What the web’s saying about UK internet snooping laws
Over the weekend details emerged about the British government’s plans to introduce new laws that would allow intelligence agents to legally intercept and monitor all sorts of digital communications, including details of the phone calls, emails, texts and website visits of every single person in the U.K.
The news may have hit on April 1, but it’s no joke. Under the proposals — which have yet to be formally published — the British intelligence agency GCHQ, the local equivalent of the NSA, would be able to access data about these communications as they wished.
It’s unsurprisingly caused a great deal of concern and outrage — particularly since the parties who currently make up the U.K’s coalition government fiercely opposed a similar bill that was put forward a few years ago when they were in opposition.
Here’s what the web is saying about the proposals.
The Sunday Times led the pack with its report suggesting that the legislative proposals could be get put forward next month, and pointing out that ISPs had been given some details last month:
A senior industry official said: “It’s mass surveillance. The idea is that the network operator should effectively intercept the communications between, say, Google and some third party. The network operators are going to be asked to put probes in the network and they are upset about the idea . . .
It’s expensive, it’s intrusive to your own customers, it’s very difficult to see it’s going to work properly and it’s going to be a nightmare to run legally.”
Internet service providers will be asked to keep records of all emails, messages on social networking sites and conversations over Skype.
The content of the calls or messages will be recorded, but the authorities will have to obtain a court order if they want to listen to or read the content.
However, the police and security services will be able to demand details of who the communication is between and what time it is taking place without a court order.
But it was ordinary users, too, who stood up to have their say. Twitter users started to flood the official channel for Prime Minister David Cameron with messages about their anger — or protesting simply by copying him in to mundane notes on everything they were doing that day.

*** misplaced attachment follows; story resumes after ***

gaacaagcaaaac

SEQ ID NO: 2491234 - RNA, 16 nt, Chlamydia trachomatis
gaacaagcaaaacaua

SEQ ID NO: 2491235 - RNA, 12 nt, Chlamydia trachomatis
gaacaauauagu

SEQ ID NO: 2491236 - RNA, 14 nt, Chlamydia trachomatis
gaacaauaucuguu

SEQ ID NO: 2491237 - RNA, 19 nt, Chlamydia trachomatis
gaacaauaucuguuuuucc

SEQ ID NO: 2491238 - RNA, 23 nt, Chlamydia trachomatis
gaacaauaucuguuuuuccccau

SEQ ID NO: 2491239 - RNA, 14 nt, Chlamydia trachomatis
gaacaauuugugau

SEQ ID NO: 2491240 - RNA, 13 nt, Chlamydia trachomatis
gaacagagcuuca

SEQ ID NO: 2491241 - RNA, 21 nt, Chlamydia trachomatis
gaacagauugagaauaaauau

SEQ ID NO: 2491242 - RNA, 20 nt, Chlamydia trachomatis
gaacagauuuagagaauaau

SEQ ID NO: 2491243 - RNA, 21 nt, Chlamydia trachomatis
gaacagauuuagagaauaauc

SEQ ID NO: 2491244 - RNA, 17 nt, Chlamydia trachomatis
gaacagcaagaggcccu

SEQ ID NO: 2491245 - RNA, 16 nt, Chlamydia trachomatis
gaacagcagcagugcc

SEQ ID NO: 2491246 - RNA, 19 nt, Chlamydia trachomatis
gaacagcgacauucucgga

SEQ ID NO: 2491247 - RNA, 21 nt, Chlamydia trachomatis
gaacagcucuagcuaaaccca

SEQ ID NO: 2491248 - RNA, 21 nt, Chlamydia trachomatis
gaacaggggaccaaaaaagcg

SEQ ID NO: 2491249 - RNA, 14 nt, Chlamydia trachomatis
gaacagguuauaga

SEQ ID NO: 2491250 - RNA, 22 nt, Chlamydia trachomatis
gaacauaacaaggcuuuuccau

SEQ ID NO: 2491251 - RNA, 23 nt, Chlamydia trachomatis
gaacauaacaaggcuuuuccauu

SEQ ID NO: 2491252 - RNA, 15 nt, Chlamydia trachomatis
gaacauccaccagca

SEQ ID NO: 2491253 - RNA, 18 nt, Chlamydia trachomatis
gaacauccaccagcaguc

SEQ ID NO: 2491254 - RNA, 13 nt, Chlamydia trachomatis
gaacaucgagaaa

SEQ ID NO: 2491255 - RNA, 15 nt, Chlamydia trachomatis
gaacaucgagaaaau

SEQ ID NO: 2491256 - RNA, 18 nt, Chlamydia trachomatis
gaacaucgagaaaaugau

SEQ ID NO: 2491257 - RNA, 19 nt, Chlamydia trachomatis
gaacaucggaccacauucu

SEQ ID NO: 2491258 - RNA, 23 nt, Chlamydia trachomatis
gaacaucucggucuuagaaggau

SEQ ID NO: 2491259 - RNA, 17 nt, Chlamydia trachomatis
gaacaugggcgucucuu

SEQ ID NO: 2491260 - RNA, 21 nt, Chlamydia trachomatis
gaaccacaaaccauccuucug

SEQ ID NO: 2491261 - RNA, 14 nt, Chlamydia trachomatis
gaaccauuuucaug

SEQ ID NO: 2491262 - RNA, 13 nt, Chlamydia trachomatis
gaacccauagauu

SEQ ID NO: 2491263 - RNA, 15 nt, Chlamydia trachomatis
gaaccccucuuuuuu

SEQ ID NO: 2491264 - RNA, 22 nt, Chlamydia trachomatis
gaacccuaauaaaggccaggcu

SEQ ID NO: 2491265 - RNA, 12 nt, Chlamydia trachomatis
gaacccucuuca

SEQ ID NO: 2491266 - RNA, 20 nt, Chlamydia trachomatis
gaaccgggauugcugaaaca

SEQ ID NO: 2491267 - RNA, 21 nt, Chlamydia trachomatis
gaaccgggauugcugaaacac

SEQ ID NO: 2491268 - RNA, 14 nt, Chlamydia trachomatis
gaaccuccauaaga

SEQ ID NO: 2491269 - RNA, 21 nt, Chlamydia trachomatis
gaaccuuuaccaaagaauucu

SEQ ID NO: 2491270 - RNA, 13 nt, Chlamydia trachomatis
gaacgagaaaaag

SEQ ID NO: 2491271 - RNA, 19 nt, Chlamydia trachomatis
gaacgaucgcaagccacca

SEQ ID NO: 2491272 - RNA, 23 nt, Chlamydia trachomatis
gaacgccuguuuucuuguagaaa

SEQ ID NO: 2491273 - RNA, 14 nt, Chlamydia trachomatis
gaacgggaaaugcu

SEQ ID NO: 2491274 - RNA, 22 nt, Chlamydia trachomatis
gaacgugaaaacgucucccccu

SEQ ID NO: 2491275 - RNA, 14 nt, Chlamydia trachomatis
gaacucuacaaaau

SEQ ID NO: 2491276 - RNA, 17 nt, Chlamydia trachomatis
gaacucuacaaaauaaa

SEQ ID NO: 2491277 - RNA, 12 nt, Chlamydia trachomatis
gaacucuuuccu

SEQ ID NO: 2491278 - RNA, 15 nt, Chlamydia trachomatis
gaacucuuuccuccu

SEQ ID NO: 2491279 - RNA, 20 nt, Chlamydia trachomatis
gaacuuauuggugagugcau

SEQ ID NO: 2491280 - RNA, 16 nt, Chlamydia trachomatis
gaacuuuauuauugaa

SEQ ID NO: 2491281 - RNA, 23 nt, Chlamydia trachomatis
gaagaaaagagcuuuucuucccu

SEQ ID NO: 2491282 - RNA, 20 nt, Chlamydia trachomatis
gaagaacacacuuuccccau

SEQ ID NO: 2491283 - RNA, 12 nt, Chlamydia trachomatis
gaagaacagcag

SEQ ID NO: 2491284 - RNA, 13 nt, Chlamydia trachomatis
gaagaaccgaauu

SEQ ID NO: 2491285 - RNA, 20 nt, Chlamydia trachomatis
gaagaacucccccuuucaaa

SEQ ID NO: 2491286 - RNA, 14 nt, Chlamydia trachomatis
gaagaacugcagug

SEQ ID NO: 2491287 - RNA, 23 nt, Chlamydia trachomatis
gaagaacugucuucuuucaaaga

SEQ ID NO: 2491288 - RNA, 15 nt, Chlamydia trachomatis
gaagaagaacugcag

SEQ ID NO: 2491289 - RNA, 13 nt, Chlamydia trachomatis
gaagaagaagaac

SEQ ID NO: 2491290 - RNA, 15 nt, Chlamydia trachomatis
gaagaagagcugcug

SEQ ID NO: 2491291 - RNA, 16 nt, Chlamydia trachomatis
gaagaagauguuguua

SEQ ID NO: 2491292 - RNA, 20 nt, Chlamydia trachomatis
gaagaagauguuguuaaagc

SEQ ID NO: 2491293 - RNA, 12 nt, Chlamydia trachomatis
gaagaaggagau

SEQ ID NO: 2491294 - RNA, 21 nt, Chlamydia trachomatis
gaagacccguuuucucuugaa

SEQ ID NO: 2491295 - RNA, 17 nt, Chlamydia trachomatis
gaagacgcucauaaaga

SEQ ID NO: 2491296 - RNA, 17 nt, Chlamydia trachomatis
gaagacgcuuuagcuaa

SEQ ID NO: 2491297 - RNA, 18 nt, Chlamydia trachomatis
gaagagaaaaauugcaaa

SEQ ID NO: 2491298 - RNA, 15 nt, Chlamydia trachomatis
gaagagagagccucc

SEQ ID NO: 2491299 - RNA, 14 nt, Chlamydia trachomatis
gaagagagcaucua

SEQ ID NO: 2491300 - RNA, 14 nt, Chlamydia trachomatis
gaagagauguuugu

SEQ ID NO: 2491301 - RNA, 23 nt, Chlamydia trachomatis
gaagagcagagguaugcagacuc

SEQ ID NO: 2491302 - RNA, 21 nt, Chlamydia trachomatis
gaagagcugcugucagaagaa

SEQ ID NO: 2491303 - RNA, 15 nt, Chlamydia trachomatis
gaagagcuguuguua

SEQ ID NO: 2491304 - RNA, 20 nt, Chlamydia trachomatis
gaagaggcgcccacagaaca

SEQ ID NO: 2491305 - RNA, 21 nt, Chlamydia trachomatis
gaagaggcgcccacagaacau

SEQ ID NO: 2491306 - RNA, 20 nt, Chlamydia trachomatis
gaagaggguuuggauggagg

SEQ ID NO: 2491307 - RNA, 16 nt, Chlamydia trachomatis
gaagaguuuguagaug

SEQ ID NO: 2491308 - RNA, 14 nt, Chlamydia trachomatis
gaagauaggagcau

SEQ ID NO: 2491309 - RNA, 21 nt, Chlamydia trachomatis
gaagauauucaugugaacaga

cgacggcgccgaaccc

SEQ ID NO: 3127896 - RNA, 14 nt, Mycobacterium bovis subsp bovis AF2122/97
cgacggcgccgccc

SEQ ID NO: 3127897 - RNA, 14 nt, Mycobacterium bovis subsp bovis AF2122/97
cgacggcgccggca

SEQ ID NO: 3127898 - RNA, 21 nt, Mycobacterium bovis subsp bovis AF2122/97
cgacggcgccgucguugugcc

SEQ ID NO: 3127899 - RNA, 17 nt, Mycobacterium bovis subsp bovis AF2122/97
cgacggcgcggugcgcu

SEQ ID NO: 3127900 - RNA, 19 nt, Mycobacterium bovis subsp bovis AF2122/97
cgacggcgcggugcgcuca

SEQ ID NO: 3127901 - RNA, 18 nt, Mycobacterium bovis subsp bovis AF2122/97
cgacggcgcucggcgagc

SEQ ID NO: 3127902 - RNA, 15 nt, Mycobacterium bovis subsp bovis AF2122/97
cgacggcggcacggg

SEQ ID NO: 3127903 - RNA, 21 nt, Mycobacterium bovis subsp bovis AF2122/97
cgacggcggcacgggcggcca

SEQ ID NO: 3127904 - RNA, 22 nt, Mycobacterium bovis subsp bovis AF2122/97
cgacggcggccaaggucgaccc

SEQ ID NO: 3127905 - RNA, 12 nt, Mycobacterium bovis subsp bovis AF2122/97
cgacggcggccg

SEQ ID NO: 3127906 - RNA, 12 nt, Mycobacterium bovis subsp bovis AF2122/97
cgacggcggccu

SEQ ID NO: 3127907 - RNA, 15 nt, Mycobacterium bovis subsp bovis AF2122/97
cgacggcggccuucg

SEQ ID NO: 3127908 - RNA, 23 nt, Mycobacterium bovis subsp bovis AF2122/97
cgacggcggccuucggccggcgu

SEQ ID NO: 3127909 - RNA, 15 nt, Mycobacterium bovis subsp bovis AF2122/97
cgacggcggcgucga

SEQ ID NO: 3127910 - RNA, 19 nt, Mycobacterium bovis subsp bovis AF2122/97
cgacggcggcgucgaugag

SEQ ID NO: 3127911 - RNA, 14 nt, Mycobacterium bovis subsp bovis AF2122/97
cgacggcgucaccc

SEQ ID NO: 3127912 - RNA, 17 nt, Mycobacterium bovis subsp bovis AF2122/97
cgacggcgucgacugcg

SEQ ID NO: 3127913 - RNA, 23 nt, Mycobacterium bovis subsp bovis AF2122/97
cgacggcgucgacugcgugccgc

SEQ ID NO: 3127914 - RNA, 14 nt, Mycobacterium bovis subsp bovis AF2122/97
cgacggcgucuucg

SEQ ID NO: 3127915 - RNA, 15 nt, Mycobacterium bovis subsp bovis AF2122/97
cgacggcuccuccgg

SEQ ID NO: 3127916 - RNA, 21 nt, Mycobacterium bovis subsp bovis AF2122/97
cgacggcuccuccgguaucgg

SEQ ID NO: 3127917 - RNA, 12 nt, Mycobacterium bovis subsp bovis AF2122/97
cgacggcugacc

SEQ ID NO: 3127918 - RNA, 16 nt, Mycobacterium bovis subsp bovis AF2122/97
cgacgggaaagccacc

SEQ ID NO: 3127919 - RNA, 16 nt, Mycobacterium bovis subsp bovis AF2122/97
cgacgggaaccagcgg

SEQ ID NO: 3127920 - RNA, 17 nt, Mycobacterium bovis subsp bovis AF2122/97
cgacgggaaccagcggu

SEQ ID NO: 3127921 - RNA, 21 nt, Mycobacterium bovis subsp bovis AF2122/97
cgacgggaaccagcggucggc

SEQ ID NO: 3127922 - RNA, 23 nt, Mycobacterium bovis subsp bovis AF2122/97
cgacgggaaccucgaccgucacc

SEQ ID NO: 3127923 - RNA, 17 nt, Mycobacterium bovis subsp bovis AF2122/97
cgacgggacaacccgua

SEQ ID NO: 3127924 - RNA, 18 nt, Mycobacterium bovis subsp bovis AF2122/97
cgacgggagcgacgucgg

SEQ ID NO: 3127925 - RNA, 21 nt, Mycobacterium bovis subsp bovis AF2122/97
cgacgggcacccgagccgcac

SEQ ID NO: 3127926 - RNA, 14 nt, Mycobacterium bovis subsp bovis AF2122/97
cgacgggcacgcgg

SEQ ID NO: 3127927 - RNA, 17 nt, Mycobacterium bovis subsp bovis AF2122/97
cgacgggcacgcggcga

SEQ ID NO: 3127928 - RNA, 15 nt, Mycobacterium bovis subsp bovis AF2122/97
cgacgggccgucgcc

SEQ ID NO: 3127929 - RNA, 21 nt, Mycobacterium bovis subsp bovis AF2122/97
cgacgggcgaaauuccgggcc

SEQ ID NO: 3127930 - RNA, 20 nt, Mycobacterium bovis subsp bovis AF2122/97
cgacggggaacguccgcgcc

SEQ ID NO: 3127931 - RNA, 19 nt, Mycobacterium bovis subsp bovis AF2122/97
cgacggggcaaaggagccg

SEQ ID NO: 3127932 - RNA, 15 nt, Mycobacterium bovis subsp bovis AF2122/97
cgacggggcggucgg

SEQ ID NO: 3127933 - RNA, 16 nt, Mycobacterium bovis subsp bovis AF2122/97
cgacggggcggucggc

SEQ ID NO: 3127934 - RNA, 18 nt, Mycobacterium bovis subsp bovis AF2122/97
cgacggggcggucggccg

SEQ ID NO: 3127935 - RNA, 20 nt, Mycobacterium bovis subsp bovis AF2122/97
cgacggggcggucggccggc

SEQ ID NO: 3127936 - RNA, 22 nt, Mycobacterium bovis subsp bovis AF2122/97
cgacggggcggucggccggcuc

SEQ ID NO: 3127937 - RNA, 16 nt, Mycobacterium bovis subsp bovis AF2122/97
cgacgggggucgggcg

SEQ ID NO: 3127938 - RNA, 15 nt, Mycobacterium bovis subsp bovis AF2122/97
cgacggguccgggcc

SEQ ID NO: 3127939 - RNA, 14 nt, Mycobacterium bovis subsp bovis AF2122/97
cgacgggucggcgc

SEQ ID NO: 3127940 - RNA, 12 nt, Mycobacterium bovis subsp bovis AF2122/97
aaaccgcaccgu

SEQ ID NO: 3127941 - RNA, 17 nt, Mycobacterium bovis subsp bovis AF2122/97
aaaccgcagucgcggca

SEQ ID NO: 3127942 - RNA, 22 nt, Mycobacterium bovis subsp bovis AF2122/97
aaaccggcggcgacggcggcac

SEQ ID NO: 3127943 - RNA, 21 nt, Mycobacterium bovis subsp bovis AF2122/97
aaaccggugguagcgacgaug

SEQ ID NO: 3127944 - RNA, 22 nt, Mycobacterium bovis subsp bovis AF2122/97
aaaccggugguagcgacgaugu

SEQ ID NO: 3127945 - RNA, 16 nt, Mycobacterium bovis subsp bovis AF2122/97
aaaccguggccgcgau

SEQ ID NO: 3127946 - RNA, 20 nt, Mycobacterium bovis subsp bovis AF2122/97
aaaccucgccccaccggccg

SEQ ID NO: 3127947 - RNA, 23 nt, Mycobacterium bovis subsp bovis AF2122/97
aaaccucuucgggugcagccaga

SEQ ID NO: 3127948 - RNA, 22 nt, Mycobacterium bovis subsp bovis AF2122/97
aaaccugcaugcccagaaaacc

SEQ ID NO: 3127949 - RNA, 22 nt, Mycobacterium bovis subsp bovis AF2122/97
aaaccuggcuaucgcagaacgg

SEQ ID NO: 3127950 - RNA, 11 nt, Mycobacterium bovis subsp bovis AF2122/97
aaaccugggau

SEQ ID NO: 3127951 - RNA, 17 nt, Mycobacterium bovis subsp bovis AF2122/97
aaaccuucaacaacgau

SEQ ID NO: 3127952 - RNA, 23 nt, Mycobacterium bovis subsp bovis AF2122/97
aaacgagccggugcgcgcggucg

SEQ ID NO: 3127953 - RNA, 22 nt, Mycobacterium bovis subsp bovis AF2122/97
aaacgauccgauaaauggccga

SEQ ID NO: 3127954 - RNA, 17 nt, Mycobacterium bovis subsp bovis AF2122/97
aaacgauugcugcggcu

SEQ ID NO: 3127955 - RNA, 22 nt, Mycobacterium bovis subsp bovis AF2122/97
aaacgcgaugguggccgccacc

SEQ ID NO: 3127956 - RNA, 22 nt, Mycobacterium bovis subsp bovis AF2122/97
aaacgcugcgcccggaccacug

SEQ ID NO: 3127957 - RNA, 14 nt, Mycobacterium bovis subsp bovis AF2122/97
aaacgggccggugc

Meanwhile another Twitter user, Ross Lawson, made the point that transparency is not two-way — particularly apposite, given recent scandals surrounding the government’s cash-for-access scheme and its relationship with those questioned over phone hacking:
— Ross Lawson (@Ross_Lawson) April 2, 2012
And some pointed out that we’ve been here before. Security blogger Rik Ferguson of Trend Micro said news of this legislative agenda had appeared several months ago — something at the time seemed like a significant invasion of privacy:
If your national or local postal service were to open and check every letter you sent in order to keep a record of whom you correspond with, would you not be outraged? What if the postal service then made all this information available to over 600 public bodies such as local councils and police forces on request?
The Home Office insist that this information is vital for fighting crime and terrorism; but is this legislation really going to be effective against the people at whom it is supposedly aimed?
The Guardian, meanwhile, makes the point about the previous attempt to legislate for this capability — saying that “Labour tried to introduce a similar system using a central database tracking all phone, text, email and internet use but that was dropped in 2009″ amid concerns from civil liberties campaigners, ISPs and mobile phone operators.
The last word, however, should go to @davidcameroon, a Twitter spoof of Prime Minister David Cameron — who came up with a proposal that could prove a lot cheaper and easier than trying to pass a new law:
Government Announcement: To save time, please CC every one of your emails and texts to GCHQ. Thank you. /via @carlmaxim
— David Cameroon (@davecameroon) April 1, 2012